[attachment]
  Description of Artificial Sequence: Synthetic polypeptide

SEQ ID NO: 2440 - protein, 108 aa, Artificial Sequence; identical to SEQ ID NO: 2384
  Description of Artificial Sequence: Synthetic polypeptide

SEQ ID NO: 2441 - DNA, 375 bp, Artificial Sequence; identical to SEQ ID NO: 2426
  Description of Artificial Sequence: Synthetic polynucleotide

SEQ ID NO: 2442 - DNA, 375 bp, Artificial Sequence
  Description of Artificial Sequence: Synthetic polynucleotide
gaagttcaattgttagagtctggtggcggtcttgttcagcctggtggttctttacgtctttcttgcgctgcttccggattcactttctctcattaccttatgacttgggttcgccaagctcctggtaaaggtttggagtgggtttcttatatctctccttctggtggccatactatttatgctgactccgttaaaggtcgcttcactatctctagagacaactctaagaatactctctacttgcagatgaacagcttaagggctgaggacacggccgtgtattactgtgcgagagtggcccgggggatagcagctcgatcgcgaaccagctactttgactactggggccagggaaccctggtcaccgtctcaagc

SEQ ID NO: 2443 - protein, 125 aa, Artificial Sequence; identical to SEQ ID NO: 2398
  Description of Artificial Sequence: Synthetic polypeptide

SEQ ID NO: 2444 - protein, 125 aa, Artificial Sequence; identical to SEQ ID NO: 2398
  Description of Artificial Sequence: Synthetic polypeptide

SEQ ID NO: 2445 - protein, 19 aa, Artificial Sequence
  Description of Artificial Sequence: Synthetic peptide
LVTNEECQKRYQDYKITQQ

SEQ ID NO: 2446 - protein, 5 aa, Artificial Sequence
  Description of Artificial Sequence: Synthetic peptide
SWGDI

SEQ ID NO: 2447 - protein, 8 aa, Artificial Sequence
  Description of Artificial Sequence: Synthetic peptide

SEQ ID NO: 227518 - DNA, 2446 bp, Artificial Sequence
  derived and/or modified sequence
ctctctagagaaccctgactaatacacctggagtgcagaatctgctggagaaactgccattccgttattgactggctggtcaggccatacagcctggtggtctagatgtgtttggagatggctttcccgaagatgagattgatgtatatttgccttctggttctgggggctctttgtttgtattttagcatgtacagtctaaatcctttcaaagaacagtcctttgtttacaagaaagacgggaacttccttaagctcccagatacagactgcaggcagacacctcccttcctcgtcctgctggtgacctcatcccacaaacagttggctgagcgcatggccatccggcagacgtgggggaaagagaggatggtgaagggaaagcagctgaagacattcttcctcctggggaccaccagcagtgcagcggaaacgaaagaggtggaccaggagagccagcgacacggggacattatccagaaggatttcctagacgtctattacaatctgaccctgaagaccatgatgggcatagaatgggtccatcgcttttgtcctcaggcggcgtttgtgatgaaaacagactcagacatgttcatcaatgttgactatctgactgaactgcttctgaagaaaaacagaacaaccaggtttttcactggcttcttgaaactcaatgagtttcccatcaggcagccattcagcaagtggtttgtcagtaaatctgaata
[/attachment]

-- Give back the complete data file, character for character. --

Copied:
  Description of Artificial Sequence: Synthetic polypeptide

SEQ ID NO: 2440 - protein, 108 aa, Artificial Sequence; identical to SEQ ID NO: 2384
  Description of Artificial Sequence: Synthetic polypeptide

SEQ ID NO: 2441 - DNA, 375 bp, Artificial Sequence; identical to SEQ ID NO: 2426
  Description of Artificial Sequence: Synthetic polynucleotide

SEQ ID NO: 2442 - DNA, 375 bp, Artificial Sequence
  Description of Artificial Sequence: Synthetic polynucleotide
gaagttcaattgttagagtctggtggcggtcttgttcagcctggtggttctttacgtctttcttgcgctgcttccggattcactttctctcattaccttatgacttgggttcgccaagctcctggtaaaggtttggagtgggtttcttatatctctccttctggtggccatactatttatgctgactccgttaaaggtcgcttcactatctctagagacaactctaagaatactctctacttgcagatgaacagcttaagggctgaggacacggccgtgtattactgtgcgagagtggcccgggggatagcagctcgatcgcgaaccagctactttgactactggggccagggaaccctggtcaccgtctcaagc

SEQ ID NO: 2443 - protein, 125 aa, Artificial Sequence; identical to SEQ ID NO: 2398
  Description of Artificial Sequence: Synthetic polypeptide

SEQ ID NO: 2444 - protein, 125 aa, Artificial Sequence; identical to SEQ ID NO: 2398
  Description of Artificial Sequence: Synthetic polypeptide

SEQ ID NO: 2445 - protein, 19 aa, Artificial Sequence
  Description of Artificial Sequence: Synthetic peptide
LVTNEECQKRYQDYKITQQ

SEQ ID NO: 2446 - protein, 5 aa, Artificial Sequence
  Description of Artificial Sequence: Synthetic peptide
SWGDI

SEQ ID NO: 2447 - protein, 8 aa, Artificial Sequence
  Description of Artificial Sequence: Synthetic peptide

SEQ ID NO: 227518 - DNA, 2446 bp, Artificial Sequence
  derived and/or modified sequence
ctctctagagaaccctgactaatacacctggagtgcagaatctgctggagaaactgccattccgttattgactggctggtcaggccatacagcctggtggtctagatgtgtttggagatggctttcccgaagatgagattgatgtatatttgccttctggttctgggggctctttgtttgtattttagcatgtacagtctaaatcctttcaaagaacagtcctttgtttacaagaaagacgggaacttccttaagctcccagatacagactgcaggcagacacctcccttcctcgtcctgctggtgacctcatcccacaaacagttggctgagcgcatggccatccggcagacgtgggggaaagagaggatggtgaagggaaagcagctgaagacattcttcctcctggggaccaccagcagtgcagcggaaacgaaagaggtggaccaggagagccagcgacacggggacattatccagaaggatttcctagacgtctattacaatctgaccctgaagaccatgatgggcatagaatgggtccatcgcttttgtcctcaggcggcgtttgtgatgaaaacagactcagacatgttcatcaatgttgactatctgactgaactgcttctgaagaaaaacagaacaaccaggtttttcactggcttcttgaaactcaatgagtttcccatcaggcagccattcagcaagtggtttgtcagtaaatctgaata